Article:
It’s been a hard three years since Taka Tsuge suffered the stroke that would sideline him from his beloved career as a sushi chef. Since that day, Tsuge has worked persistently at his recovery, slowly regaining mobility.

But this summer his wife enrolled him in Chapman University’s Stroke Boot Camp, an intensive two-week program designed to boost the progress of people recovering from stroke. Toward the end of the camp run by Chapman’s Department of Physical Therapy, things clicked for Tsuge and his progress soared. His shuffle transformed into a deliberate but steady walk. The range of movement in his shoulder improved.

And then came the Play-Doh moment. Presented with the modeling clay during a fine-motor therapy session, Tsuge says he was immediately inspired.

“I made a little sushi roll and I cut it. I felt like I was at work. It felt really good,” he says.

The chef dissolves into sobs as he recounts the experience and turns to the doctoral students who put him through his paces and measured his progress.

“Thank you, you guys,” he says. “I’m on my way back. I’m so happy.”

He had plenty of company, too. All 10 of the clients enrolled in the camp made significant progress, says Caryn Ito, DPT, assistant professor, and director of the summer program now in its fifth year. By camp’s end, many walked more smoothly or quickly, while others enhanced their independence by fine-tuning motor skills necessary to pull on a jacket or open a door.

Such outcomes are testament to the value of continuing physical therapy, even years after the initial stroke and resulting brain damage, Ito says. All of the participants were at least a year out from their stroke, and for some as much as six years had passed.

chapman students

Linda Riback, center, grimaces as she demonstrates her improved grip strength to DPT students Evan Gustavsen, left, and Kathryn Walker.

“There is tremendous value for ongoing physical therapy for people recovering from stroke well after their initial stroke. The human brain has tremendous potential,” Ito says. “The participants are a testament to this. By the end of the camp, one participant was able to walk three times faster than he did on the first day. There was another participant who played pool for the first time since his stroke, using his involved hand.”

Indeed, he played pretty well.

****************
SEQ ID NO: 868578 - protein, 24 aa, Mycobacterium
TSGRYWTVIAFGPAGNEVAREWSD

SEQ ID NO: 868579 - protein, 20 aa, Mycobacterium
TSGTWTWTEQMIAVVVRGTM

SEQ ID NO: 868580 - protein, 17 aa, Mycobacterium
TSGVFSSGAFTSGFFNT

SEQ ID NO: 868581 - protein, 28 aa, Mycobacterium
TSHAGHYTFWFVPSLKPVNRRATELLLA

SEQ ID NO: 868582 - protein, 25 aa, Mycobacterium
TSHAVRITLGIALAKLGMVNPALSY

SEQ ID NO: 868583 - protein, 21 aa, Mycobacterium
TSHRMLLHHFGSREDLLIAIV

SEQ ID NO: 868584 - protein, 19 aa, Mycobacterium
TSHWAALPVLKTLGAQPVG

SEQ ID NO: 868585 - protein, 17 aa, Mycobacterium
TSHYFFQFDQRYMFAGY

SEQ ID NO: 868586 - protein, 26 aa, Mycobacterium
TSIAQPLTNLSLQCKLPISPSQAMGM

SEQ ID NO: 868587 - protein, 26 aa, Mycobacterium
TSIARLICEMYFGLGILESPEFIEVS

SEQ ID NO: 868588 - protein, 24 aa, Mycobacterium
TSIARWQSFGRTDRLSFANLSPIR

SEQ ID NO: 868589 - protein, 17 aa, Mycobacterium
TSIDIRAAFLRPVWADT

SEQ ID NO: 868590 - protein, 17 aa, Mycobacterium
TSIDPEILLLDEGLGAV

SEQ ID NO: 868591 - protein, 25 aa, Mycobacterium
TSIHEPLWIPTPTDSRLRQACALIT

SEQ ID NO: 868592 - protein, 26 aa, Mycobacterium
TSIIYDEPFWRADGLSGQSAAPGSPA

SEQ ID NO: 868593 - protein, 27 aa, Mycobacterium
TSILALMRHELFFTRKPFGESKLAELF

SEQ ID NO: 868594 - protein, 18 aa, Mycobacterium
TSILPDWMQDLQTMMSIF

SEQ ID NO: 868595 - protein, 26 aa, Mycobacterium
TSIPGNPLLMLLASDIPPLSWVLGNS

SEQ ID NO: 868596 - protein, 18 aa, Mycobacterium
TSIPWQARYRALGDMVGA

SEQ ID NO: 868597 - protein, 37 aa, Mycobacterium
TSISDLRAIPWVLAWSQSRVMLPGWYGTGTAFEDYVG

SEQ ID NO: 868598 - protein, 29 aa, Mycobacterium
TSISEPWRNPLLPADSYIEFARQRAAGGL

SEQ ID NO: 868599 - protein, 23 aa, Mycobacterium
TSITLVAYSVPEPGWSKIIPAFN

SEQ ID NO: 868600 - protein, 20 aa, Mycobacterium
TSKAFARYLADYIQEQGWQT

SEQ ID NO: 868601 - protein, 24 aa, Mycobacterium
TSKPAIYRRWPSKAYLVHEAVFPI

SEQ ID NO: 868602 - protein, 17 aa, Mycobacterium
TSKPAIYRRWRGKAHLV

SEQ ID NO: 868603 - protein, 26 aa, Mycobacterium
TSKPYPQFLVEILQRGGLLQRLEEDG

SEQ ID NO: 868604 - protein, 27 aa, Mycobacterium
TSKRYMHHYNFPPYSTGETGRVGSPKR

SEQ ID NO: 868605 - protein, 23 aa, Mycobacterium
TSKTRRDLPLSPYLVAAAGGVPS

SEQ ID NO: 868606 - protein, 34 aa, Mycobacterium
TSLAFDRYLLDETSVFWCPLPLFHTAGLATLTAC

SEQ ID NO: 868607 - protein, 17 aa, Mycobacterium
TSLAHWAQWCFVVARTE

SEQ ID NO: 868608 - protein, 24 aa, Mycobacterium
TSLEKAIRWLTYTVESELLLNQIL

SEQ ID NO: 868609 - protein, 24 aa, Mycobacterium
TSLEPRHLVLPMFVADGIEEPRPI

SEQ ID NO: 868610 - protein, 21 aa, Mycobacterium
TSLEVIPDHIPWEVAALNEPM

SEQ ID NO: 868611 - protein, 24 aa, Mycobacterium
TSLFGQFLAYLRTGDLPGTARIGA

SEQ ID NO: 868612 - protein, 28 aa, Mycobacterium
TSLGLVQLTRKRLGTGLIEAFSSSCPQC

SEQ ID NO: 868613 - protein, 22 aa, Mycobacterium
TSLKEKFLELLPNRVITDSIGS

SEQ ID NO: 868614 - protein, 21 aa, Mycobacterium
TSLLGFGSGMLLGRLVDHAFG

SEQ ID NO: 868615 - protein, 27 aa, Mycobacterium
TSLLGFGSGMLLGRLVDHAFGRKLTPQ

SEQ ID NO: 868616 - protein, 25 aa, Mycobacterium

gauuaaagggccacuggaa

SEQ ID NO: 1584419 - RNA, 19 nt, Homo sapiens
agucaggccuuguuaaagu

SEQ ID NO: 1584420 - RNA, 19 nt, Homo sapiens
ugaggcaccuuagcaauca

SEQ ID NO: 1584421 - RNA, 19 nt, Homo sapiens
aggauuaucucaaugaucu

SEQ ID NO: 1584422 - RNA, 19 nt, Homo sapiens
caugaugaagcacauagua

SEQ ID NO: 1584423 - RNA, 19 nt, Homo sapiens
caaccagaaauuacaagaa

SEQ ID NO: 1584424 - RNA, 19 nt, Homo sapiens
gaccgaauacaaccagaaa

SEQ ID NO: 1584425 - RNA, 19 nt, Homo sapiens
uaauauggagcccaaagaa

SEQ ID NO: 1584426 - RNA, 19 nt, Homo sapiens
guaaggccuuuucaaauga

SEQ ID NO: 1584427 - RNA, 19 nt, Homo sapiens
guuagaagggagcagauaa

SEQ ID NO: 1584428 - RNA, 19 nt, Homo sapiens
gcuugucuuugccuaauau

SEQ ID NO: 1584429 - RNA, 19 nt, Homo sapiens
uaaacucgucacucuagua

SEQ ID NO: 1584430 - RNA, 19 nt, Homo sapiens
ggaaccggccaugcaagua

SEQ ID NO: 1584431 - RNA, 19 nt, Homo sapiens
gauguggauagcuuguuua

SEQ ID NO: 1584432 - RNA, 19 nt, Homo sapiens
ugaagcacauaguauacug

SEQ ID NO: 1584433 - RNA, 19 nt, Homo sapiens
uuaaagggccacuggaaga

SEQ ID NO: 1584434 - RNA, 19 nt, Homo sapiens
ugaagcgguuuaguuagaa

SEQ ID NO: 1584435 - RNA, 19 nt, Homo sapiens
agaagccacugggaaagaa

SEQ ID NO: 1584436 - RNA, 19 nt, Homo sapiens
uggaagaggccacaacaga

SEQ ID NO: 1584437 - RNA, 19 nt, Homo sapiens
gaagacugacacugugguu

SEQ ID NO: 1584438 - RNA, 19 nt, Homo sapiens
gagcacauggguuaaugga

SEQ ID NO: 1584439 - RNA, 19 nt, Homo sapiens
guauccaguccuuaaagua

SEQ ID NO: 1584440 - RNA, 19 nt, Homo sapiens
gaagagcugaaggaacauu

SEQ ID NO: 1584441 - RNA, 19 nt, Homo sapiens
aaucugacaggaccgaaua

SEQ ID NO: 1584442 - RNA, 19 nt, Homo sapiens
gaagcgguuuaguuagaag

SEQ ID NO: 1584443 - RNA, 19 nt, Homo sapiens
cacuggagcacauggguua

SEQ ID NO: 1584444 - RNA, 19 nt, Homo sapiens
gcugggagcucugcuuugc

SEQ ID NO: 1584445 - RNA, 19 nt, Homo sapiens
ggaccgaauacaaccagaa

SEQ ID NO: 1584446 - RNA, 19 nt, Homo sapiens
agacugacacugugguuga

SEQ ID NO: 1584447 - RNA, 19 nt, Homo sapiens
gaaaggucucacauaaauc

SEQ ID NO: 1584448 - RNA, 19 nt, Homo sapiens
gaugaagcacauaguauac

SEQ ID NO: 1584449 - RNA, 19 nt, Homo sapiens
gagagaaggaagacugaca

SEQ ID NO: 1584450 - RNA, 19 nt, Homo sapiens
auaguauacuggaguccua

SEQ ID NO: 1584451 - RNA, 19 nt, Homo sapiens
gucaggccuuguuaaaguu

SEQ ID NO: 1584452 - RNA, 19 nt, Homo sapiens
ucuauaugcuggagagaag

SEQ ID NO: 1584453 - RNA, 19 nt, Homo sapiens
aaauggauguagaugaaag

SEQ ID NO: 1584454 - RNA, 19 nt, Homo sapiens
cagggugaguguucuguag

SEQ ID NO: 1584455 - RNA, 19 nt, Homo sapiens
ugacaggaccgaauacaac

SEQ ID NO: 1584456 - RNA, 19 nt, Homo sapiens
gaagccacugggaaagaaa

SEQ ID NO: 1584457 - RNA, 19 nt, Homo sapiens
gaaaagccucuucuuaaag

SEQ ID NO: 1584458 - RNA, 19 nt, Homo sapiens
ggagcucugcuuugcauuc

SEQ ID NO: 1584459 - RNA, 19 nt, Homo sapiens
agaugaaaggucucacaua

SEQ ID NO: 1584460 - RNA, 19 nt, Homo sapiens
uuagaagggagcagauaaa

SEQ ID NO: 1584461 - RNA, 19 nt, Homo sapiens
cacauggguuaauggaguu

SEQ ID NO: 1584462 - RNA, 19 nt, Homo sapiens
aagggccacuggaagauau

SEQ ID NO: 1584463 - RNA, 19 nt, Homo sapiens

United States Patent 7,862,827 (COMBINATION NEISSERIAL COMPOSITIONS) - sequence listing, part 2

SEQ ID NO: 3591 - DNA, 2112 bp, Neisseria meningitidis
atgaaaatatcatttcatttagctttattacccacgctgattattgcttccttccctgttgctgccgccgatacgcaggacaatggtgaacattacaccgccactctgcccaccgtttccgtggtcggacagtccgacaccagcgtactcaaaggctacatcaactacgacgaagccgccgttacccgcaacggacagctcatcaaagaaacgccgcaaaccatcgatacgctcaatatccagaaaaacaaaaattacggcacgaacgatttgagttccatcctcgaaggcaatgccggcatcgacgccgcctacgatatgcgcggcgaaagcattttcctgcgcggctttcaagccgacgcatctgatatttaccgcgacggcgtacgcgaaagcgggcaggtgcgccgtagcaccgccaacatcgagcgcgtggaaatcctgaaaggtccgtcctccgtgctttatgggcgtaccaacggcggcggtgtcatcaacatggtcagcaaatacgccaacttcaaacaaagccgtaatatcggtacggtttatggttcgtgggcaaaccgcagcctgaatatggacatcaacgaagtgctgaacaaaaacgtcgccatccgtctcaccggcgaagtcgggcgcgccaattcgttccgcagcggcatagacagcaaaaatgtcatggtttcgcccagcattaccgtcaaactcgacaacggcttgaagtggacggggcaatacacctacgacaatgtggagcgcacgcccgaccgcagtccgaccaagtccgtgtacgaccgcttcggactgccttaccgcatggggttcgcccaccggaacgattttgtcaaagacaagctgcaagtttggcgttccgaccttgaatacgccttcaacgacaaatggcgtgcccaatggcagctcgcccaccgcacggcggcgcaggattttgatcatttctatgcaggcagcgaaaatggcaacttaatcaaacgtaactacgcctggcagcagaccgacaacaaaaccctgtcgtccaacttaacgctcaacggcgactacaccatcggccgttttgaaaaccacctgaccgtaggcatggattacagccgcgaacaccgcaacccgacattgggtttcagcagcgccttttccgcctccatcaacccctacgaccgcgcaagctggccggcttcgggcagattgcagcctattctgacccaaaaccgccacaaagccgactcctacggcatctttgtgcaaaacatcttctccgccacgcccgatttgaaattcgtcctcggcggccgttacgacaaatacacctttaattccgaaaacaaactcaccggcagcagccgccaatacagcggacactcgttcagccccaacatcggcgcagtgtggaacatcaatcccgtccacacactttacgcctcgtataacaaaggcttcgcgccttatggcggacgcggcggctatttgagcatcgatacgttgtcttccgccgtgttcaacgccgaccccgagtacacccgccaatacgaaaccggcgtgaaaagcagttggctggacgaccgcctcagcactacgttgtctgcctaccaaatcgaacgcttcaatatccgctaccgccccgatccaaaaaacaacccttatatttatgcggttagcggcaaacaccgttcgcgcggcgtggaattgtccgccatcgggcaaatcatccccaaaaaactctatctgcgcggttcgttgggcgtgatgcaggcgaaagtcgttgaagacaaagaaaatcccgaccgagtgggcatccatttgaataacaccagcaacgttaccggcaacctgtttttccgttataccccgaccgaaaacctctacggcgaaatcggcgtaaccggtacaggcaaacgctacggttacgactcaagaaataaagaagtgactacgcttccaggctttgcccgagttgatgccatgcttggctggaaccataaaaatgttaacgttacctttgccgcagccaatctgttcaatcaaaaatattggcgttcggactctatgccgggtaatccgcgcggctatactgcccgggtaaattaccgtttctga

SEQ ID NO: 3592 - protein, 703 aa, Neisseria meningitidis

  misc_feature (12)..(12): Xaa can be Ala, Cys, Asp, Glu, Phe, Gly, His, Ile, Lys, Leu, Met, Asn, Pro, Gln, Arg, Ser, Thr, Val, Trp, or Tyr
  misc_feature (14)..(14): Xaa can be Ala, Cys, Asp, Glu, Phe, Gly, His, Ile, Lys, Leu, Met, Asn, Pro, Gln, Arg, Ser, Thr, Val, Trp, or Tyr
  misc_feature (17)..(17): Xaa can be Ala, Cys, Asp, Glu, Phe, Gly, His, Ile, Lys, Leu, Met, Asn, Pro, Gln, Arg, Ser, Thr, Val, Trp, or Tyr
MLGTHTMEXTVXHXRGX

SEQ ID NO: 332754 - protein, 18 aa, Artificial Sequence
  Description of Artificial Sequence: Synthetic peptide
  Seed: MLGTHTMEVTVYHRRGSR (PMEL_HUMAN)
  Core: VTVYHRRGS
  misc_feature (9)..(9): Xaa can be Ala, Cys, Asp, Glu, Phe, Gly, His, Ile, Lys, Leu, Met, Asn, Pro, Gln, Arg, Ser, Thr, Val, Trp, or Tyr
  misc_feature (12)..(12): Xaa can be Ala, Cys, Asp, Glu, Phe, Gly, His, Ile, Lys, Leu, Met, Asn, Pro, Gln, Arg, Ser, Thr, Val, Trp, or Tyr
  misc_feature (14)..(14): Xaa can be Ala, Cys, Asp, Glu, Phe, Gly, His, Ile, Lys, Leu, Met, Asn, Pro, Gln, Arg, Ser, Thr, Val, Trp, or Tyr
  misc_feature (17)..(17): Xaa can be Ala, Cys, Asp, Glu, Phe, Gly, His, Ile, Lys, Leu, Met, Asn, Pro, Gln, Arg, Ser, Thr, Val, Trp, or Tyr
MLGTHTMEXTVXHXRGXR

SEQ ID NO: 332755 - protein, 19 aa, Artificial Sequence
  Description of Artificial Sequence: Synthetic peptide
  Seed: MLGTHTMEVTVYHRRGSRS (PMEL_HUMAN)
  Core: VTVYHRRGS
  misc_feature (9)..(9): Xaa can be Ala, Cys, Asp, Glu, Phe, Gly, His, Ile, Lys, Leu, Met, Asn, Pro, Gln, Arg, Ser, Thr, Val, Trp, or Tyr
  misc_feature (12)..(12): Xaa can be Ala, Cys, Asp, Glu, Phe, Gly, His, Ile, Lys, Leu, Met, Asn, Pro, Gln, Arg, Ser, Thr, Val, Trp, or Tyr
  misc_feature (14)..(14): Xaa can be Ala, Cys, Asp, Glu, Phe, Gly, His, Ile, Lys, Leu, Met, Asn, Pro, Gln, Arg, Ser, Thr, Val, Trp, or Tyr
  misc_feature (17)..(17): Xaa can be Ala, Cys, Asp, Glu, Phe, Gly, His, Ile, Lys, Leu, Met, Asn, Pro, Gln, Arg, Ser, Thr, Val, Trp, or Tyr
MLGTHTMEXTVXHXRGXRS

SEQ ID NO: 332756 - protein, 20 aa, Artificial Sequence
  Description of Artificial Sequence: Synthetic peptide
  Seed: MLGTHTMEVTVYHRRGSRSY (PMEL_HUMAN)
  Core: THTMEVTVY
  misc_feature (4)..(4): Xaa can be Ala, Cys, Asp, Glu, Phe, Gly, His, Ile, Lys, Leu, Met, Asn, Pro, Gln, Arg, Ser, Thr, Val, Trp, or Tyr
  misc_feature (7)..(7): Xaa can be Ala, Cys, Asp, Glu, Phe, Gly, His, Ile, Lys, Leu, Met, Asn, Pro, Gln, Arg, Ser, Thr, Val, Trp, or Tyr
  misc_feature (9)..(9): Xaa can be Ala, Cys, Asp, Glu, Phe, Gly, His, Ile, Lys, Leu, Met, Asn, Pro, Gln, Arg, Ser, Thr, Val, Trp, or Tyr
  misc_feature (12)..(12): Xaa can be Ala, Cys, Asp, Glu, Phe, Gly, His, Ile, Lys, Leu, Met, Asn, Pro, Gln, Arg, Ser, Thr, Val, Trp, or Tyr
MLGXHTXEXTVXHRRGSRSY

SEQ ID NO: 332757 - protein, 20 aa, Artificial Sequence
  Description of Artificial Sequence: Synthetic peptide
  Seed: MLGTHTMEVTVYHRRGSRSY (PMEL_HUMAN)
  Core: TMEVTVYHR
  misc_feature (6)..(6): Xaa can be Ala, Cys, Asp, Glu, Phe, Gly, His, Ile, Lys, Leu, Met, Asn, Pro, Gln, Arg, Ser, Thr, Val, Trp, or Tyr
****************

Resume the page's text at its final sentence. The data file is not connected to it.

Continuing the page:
“I made a lot of good shots,” says Jim Eklund, the renewed pool shark.

His stroke was five years ago, but until the camp his left arm was too weak to be of much use. Now he slowly lifts it aloft, demonstrating his improved muscle tone and strength.

chapman students

DPT student Keith Young works with camp participant Jim Eklund under the supervision of Dorcas Tominaga, DPT, assistant professor and director of clinical education.

“Very fantastic,” he says with a smile.

For students in the Doctor of Physical Therapy program offered by Crean College of Health and Behavioral Sciences, the camp is a hands-on opportunity to work in a clinical setting while still under the supervision of faculty and community physical therapists who volunteer in the program. While they will have other clinical assignments, most will not have the benefit of watching patients’ progress on a day-to-day basis, a unique advantage of the camp, Ito says.

The experience is also special because graduate students and faculty in Crean College’s Marriage and Family Therapy program offer counseling and support services during the camp. The collaboration makes it a unique interprofessional experience.

Family members come away with their own celebration moments, too. Evelyn Bahani was delighted that, thanks to the therapy he received at the camp, her husband Willie walks with a fuller step, no longer leaning forward onto his toes. It may seem like a minor achievement, but physical therapists say a tipped gait can lead to falls and additional impairments.

“I feel happy,” Bahani says. “It’s been really, really good for him.”

Display image at top/Happy students, faculty and campers on the last day of camp.